Fiscal Cliff Debate, Mortgage Interest Deduction Compared to Cost of Medicare Fraud

We replied today to an article in the Washington Post regarding the Fiscal Cliff Debate and the nascent discussions regarding the mortgage interest deduction.  The Washington Post states,

“…But as Congress and the White House negotiate the first major rewrite of tax laws in decades, changing the generations-old mortgage-interest deduction — which costs the government roughly $100 billion a year — has gone from far-off possibility to part of the conversation…”

When we consider what the U.S. Administration may hope to gain by curtailing the mortgage interest tax deduction, we should consider it in light of inefficiencies and fraud in healthcare that cost more.   Analytics, ICD-10, and other components of healthcare reform and HIPAA regulations can help solve this problem.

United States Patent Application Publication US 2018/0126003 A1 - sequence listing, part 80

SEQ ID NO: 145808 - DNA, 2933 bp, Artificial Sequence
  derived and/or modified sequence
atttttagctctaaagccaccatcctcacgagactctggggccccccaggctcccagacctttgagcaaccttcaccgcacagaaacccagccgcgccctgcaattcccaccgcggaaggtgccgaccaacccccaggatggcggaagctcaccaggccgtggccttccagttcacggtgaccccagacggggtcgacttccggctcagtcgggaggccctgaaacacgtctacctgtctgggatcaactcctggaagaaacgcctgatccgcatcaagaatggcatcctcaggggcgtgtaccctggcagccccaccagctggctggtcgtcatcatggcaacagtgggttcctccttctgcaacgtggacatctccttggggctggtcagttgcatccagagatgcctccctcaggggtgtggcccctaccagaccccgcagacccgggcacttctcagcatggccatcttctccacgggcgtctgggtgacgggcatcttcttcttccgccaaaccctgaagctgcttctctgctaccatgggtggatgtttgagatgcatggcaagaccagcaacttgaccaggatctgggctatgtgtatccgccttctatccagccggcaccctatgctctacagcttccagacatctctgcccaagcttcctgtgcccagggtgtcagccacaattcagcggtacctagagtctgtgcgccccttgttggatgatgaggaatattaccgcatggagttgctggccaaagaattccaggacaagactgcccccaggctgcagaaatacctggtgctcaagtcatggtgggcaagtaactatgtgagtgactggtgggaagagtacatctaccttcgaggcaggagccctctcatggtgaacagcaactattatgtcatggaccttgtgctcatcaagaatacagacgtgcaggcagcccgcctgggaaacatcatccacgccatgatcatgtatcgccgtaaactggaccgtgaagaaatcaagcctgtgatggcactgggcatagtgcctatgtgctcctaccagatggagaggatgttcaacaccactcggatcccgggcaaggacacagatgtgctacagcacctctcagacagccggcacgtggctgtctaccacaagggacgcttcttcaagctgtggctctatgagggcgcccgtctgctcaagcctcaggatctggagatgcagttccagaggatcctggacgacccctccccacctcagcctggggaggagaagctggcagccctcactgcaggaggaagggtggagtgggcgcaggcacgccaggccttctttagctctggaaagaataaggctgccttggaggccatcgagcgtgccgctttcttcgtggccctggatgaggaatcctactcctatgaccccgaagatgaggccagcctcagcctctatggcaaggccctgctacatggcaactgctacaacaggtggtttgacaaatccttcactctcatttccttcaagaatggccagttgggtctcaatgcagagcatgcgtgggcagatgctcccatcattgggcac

Bloated charges to Medicare cost an estimated $90 billion in 2011. In other words, the government is reimbursing some for services that were never provided to any taxpayer. This isn’t a Red or Blue issue it is an American issue. We could clean that up first and leave the U.S. taxpayer alone. We would all benefit by more than the $100 billion the Fed thinks it can get back near term, and $200 plus billion longer term, by reducing bloat and fraud factor in healthcare.  There is a potential disastrous effect that eliminating the mortgage interest tax deduction might have on real-estate values, at a time when we are trying to rehabilitate the real-estate industry.

Healthcare is a $3 trillion economy, and a large portion is government entitlements. It isn’t bad that the government provides healthcare for those who need it, it is bad that abusive charges from healthcare providers to Medicare bloat the system and cost the U.S. government and the taxpayer far more than what might be gained by reducing the mortgage deduction.